Wednesday, May 11, 2016

Only a fool accepts widely held trading maxims

Trading maxims that are treated as gospel, but nobody actually investigates their accuracy.

Why do we implement them into our trading plans without investigating? 

It is because we are sheep, and it's easier to be a follower.

Successful traders think like wolves and never follow the herd. In fact, they avoid the herd like it's the plague.

Last summer I realized I had spent my entire trading career as a sheep in wolves clothing when it came to risk management.

For years I had steadfastly held on to the belief that you must get 2:1 on every single trade. After getting stopped out of a number of trades that initially went my way I decided to investigate the 2:1 mantra.

My research was enlightening and totally changed my attitude towards risk management and probability trading. It showed that had I taken on 1.3:1 risk instead of 2:1in rangebound markets, I would have increased my profits and win rate.

I am no longer mislead by this false risk management "truth".

Let this be an important lesson. Never accept strategies that the herd adopts and investigate everything, no matter how nice it sounds.


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Thursday, April 28, 2016

It's the small wins that hurt

This is what holds many traders back.

The small wins.

Yet we love to take those small wins, and avoid small meaningless losses like the plague.

We are afraid of losses. It doesn't matter it it is big or small, that L is scary.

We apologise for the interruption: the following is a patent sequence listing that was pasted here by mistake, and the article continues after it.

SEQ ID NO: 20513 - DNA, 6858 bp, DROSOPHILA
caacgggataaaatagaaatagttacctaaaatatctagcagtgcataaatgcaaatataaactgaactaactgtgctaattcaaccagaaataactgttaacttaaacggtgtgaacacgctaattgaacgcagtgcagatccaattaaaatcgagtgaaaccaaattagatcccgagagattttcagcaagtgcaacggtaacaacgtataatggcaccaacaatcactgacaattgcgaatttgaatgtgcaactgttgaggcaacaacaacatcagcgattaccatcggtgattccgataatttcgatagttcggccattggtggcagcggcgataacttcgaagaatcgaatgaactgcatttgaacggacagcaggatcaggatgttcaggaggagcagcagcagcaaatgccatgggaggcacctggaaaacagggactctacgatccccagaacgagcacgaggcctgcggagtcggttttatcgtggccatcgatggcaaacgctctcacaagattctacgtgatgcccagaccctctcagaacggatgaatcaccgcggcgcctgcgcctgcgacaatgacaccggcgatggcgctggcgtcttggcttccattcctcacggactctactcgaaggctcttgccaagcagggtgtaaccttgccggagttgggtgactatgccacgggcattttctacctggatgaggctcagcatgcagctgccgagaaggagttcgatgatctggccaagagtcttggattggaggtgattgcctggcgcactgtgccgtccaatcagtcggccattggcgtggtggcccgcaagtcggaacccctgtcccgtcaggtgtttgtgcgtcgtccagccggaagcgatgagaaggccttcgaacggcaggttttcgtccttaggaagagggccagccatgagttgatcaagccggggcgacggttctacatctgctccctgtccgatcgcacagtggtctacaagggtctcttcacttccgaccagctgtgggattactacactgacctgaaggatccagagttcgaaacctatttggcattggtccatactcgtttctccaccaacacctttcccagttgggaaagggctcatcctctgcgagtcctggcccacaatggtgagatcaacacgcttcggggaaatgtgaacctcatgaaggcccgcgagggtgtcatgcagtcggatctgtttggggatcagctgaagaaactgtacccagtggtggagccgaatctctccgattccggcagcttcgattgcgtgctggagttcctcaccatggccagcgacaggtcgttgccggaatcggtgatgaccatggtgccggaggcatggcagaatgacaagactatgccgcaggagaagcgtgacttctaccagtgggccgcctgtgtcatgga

It's all about the fear of the loss.

Here is the rub: the fear of the loss is always worse than the loss itself.

Losses don't hurt as bad as you think.

Remember what it was like getting a shot when you were 10 years old? That drive to the doctor was terrifying. But then you turn your head, feel that little jab, and it's over and you wonder what you were so scared about.

Trading losses are the same.

Not only are losses not so bad, but often it means you are trading correctly.

I embrace small losses.

The reason is small losses combined with big wins means you are doing something right. On the other hand, small wins mean you are doing something wrong.

It's the small wins that hurt.




If you would like to learn more about how I trade, receive my nightly focus list with market analysis, setups and trade alerts, sign up at BullsonWallStreet.com

Saturday, April 16, 2016

Don't choose unhappiness over uncertainty

It's a flaw in our brilliant minds and one that afflicts most traders. It's a big reason why 90 percent of traders fail.

I'm watching one of my students trade a few weeks ago and he keeps taking these ridiculously small wins. Over and over again, he takes these small .3R gains only to watch the stock run without him. I don't say a word and just watch.

He is in agony.

I mean it looks like he has literally been slapped in the face. Finally I ask him why he keeps taking these small losses.

His response is priceless (actually it's costly):

I don't know what is going to happen so I'm protecting my profit.

And there you have it.

We are wired to choose unhappiness over uncertainty.

This novice trader knows he can't succeed continually taking these small wins since two regular size losses will wipe them all out. That's why he's unhappy about it. Yet he can't control himself.

He's inflicted with the uncertainty disease, feeling more discomfort with uncertainty than unhappiness.

Fight your programming and embrace uncertainty.

It's the only way you succeed.

Uncertainty is the way.





If you would like to learn more about how I trade, receive my nightly focus list with market analysis, setups and trade alerts, sign up at BullsonWallStreet.com

Monday, April 04, 2016

Subtract Your Way To Trading Success

Swing Trading Master
So you know about swing trading breakouts . . . fantastic. You can make a lot of money trading those.

So you know about stochastics . . . that's great. Extreme conditions lead to extreme profits.

So you trading using Fibonacci retracements . . . awesome. I know a guy who makes a killing off this mysterious phenomena.